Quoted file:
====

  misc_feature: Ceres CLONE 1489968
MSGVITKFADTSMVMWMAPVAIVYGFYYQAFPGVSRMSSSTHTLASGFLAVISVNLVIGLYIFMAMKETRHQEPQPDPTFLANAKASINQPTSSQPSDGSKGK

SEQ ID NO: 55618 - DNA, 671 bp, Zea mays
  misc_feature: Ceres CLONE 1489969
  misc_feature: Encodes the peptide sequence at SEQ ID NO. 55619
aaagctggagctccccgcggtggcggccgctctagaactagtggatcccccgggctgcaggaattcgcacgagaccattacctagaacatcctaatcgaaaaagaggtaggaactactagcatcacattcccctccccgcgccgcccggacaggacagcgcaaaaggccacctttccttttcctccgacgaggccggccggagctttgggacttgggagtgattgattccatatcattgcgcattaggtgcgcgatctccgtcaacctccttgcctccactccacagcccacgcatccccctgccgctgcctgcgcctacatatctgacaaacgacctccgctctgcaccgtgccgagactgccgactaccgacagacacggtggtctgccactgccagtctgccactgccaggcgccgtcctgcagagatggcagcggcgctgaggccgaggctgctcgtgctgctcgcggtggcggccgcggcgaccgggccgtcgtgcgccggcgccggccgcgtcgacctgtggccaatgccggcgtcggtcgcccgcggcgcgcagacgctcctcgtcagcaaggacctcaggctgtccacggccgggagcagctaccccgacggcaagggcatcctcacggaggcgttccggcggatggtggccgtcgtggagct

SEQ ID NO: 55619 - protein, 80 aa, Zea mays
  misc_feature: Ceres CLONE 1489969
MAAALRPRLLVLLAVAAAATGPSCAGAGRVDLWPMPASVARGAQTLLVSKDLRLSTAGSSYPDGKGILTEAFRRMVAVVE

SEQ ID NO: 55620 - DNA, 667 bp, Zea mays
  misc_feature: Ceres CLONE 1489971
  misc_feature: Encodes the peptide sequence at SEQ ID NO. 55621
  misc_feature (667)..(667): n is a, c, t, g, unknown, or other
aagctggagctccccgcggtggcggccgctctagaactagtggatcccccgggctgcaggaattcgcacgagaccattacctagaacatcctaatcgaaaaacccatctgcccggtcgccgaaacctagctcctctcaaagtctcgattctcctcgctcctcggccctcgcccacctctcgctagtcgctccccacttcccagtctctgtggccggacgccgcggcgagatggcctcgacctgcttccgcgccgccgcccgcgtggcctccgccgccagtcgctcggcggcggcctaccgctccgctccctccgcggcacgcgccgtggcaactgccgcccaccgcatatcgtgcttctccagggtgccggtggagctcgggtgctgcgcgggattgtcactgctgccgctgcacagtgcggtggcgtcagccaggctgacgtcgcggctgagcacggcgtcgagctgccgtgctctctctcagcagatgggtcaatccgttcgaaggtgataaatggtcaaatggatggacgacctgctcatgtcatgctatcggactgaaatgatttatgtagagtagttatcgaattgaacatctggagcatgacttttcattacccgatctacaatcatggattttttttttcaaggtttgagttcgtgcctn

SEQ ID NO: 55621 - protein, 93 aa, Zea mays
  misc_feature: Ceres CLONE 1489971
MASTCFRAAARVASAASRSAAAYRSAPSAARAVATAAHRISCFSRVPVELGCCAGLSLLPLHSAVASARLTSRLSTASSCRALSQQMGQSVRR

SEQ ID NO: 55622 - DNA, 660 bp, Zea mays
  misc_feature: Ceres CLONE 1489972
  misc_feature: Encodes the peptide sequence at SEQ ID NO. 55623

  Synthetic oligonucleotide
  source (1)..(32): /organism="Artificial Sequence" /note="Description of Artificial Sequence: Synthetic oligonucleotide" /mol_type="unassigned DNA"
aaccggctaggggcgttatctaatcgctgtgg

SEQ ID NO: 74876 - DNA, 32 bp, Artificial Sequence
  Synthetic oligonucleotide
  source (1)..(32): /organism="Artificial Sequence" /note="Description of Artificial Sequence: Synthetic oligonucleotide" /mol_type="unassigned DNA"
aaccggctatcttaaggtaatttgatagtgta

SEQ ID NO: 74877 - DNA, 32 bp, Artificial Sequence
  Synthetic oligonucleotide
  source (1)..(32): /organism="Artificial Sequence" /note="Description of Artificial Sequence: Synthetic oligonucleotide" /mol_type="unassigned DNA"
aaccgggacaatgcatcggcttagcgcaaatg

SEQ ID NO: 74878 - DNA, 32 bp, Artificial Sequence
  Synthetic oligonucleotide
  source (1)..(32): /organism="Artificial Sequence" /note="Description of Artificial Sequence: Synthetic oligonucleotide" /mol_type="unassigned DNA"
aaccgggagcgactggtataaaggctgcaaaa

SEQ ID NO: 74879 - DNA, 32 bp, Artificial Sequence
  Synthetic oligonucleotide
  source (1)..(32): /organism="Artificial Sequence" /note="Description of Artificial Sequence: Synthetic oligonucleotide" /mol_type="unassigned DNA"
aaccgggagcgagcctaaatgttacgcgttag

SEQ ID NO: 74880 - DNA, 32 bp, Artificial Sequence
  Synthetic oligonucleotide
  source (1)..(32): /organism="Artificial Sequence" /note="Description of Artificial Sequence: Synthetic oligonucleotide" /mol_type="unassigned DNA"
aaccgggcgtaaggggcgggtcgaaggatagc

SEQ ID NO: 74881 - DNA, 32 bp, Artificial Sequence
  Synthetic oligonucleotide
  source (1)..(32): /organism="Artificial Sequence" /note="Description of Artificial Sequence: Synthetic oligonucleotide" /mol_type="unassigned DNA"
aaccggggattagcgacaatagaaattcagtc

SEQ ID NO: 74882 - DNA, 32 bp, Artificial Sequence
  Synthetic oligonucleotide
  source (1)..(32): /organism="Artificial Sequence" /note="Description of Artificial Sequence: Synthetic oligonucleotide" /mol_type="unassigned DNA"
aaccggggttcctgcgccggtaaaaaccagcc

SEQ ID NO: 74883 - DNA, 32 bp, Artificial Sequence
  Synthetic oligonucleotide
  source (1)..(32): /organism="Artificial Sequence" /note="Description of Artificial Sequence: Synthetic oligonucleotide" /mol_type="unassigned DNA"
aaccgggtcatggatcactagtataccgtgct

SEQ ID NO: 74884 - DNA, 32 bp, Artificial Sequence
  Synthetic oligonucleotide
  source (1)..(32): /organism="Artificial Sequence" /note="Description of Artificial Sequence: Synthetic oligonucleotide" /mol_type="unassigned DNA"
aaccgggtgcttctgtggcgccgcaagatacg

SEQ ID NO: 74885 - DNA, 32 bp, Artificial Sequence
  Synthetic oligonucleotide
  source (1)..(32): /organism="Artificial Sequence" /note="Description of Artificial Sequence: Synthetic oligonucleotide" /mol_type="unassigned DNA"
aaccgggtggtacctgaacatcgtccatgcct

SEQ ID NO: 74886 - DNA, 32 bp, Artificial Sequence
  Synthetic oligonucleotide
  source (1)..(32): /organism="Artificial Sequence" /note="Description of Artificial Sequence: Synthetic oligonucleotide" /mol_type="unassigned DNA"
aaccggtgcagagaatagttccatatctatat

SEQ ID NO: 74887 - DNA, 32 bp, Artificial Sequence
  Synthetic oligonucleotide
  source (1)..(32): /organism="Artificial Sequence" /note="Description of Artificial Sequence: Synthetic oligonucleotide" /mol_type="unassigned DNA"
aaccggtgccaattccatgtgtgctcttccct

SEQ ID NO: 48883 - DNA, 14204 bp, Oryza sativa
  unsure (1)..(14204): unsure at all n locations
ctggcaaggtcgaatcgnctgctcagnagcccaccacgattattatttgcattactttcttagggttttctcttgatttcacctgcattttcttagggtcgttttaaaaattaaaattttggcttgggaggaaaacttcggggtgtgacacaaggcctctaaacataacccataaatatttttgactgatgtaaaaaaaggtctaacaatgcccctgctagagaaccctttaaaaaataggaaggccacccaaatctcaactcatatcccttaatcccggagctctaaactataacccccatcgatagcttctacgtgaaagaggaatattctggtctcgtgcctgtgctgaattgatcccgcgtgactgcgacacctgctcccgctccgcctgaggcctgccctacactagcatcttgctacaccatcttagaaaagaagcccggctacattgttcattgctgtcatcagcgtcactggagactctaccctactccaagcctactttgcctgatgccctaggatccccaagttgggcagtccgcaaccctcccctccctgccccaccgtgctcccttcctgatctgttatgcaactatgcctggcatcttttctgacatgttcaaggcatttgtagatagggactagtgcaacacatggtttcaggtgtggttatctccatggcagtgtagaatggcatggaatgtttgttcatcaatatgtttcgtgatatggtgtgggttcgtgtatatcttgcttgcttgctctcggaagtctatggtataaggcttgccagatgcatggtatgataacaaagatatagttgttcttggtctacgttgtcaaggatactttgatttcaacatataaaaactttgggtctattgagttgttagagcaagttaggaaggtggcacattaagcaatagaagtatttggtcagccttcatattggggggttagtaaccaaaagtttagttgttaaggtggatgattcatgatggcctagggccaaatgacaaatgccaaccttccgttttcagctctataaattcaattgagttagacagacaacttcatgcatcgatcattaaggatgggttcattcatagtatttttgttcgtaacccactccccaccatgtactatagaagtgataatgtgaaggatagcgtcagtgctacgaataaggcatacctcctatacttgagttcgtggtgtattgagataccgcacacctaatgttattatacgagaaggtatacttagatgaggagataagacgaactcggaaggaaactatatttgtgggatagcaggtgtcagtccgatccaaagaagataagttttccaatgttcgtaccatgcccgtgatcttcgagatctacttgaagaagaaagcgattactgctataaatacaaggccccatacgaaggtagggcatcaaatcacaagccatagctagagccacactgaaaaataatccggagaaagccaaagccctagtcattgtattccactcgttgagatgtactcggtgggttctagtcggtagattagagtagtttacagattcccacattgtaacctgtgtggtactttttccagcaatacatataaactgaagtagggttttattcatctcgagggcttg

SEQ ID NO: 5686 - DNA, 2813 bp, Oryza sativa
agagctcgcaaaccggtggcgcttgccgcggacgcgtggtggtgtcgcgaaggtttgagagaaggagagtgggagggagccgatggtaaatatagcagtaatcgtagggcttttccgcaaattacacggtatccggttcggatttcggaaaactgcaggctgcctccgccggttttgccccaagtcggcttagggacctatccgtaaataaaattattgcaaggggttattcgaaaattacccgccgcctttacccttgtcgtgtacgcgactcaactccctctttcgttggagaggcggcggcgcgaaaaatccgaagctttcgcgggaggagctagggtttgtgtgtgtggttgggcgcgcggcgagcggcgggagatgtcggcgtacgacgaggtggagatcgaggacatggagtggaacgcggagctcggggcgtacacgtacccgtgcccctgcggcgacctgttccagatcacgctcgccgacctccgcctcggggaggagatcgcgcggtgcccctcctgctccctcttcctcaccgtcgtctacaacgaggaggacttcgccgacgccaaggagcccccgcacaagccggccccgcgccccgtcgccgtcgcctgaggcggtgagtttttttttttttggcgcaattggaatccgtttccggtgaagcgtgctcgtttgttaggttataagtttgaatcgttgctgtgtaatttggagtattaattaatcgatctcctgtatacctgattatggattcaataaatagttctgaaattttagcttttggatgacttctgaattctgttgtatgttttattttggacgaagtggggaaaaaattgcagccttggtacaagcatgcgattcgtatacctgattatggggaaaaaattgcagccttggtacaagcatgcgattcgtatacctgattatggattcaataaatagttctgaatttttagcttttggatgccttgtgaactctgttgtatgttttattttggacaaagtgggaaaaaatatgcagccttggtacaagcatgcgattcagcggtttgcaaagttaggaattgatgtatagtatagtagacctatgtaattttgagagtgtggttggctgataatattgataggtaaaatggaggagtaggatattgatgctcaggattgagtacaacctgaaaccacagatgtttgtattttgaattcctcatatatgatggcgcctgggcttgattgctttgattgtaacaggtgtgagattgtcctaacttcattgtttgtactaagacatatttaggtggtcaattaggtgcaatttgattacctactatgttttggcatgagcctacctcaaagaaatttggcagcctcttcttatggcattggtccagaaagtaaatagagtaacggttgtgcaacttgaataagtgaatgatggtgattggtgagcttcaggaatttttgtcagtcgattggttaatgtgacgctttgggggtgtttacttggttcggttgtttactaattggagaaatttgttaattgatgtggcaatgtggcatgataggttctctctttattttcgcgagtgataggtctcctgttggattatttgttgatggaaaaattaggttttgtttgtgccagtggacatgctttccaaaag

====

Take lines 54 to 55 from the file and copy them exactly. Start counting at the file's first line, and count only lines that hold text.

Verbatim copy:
  source (1)..(32): /organism="Artificial Sequence" /note="Description of Artificial Sequence: Synthetic oligonucleotide" /mol_type="unassigned DNA"
aaccgggtcatggatcactagtataccgtgct